"When their experience with your brand is fresh in their mind, their excitement about you is at an all-time high. In this welcome email, thank them for joining your brand, let them know how you will contact them in the future – how many emails they will receive, what type of content to expect, etc., and make it clear how they can contact you," said Lathaen.

Thanking your customers for their time is more than just an email marketing best practice – it's an age-old best business practice.

When you are developing a promotion to gain new subscribers, think carefully about the type of subscribers the promotion will bring in.

If you want people who are eager to engage with you, offer them exclusive content. If you want people who need a certain resource, offer them a free download. Make sure that what you offer them aligns with your goals for that niche audience. Your goals should specify what you want email subscribers to do and how you want them to engage with your business going forward.

"All good marketing starts with setting goals, and email marketing is no different. You need to think about what you want to achieve with your email marketing. Do you want to welcome new subscribers, boost engagement, nurture existing subscribers or something else?" said Lathaen. 

If you don't feel you know your subscribers well, take a step back before running your campaigns. Not understanding your niche audience can result in failed marketing campaigns. The more you know about your subscribers and target audience, the better.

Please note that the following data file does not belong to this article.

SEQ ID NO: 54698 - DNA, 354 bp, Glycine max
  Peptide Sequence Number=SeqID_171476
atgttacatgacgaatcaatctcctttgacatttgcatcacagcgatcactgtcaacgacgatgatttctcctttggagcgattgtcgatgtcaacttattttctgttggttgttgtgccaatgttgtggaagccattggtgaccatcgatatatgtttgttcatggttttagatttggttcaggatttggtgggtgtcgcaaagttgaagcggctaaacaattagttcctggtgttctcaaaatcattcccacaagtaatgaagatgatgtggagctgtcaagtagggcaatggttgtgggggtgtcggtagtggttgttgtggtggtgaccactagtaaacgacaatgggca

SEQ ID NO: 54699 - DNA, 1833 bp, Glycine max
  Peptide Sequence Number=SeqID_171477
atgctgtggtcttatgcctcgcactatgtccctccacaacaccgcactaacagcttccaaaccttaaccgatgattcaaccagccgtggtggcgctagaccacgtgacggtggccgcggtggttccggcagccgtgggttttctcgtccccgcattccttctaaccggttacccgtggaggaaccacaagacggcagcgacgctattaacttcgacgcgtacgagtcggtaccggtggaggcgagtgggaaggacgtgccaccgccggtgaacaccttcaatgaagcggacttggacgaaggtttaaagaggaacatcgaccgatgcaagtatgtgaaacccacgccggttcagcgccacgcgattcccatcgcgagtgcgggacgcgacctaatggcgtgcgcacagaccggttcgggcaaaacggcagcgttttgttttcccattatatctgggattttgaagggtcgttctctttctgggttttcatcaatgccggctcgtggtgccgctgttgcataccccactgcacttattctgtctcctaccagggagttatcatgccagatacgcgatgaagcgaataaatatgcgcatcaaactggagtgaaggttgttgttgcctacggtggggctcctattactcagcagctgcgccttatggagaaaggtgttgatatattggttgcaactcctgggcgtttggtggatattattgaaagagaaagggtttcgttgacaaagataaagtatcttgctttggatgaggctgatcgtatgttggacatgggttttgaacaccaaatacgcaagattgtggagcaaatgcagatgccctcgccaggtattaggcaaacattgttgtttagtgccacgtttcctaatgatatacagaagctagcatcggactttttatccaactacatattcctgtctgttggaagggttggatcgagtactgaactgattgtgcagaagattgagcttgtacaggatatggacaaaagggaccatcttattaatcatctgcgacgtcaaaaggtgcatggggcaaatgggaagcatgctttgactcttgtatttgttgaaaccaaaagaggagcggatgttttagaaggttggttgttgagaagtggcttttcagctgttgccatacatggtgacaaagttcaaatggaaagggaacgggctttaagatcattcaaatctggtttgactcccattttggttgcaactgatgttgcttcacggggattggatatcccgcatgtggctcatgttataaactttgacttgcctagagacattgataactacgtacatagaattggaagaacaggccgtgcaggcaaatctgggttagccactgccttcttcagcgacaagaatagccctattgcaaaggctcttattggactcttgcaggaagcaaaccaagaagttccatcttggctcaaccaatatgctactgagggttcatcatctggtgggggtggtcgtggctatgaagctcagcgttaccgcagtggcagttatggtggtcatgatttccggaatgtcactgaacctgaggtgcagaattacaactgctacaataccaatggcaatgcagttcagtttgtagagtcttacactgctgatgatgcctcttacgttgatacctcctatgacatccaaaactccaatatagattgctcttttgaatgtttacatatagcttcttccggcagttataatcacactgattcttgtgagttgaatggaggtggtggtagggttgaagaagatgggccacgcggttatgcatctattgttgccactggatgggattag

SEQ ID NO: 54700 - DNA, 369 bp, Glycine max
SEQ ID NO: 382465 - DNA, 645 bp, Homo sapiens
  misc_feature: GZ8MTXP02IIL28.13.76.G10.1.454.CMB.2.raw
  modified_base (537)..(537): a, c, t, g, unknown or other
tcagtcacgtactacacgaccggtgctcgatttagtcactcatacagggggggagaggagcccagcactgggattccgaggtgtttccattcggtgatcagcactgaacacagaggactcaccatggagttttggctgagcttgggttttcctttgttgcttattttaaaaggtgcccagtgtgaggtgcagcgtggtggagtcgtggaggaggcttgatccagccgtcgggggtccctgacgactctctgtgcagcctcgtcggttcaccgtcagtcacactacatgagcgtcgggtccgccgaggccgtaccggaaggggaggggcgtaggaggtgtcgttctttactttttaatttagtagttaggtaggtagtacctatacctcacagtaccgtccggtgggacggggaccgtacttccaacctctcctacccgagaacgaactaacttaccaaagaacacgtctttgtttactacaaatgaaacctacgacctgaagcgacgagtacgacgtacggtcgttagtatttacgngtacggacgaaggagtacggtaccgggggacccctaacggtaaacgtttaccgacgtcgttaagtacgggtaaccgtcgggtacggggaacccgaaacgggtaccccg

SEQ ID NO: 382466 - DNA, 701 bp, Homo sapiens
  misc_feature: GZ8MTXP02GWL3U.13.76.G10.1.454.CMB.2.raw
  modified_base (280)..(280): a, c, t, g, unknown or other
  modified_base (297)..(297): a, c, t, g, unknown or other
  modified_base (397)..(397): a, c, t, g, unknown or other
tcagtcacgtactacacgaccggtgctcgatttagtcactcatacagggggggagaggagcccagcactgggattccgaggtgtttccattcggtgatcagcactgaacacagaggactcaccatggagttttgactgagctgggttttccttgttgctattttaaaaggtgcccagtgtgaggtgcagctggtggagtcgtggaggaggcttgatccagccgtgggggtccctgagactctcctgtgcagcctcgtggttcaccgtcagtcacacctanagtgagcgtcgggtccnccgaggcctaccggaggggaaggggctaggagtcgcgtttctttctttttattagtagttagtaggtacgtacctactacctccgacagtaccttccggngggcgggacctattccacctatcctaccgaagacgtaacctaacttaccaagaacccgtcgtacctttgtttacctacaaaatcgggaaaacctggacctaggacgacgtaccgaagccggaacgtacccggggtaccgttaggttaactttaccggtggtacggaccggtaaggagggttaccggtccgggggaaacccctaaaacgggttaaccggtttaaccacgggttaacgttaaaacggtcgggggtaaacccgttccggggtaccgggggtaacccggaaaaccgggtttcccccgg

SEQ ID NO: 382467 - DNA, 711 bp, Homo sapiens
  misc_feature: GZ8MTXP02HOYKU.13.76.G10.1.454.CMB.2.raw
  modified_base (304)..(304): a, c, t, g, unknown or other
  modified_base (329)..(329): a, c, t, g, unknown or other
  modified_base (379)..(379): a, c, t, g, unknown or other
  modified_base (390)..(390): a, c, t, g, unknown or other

Surveys are a helpful tool in getting to know your target audience. There are survey tools where you could survey a random group of people based on what you think your target audience is. There is also the old-fashioned way of running in-person interest groups, but based on my success with online surveys, I recommend them over interest groups. Some marketers recommend collecting data from Google Analytics and social media. Facebook interest groups are a great place to gather data.

For an example of a promotion that's a hit, check out Marie Forleo's newsletter MF Insider. Unlike other newsletter opt-ins, she isn't offering a download to get new email addresses. The newsletter is the opt-in. She offers exclusive resources and information only to those who have signed up to be an MF Insider. These goodies aren't available to people who watch her Marie TV episodes, listen to her podcast or follow her on social media. The content is only available to her email subscribers, and that is genius.

 If you're running e-commerce email marketing campaigns, take advantage of abandoned shopping cart emails. You've likely seen them before ‒ you shop at your favorite e-commerce store, put something in your cart but don't make a purchase. Within a day or so, you get an email reminding you that you still have an item in your cart. Some companies send multiple emails with the second or third one offering a discount on the item if you complete your purchase within a specified amount of time.

As a business owner, you probably create valuable content every day. Whether you are generating home design ideas on Pinterest, giving product demonstrations on Facebook Live, or writing articles for trade publications, the work you do daily has the potential to transform into engaging email content for your subscribers.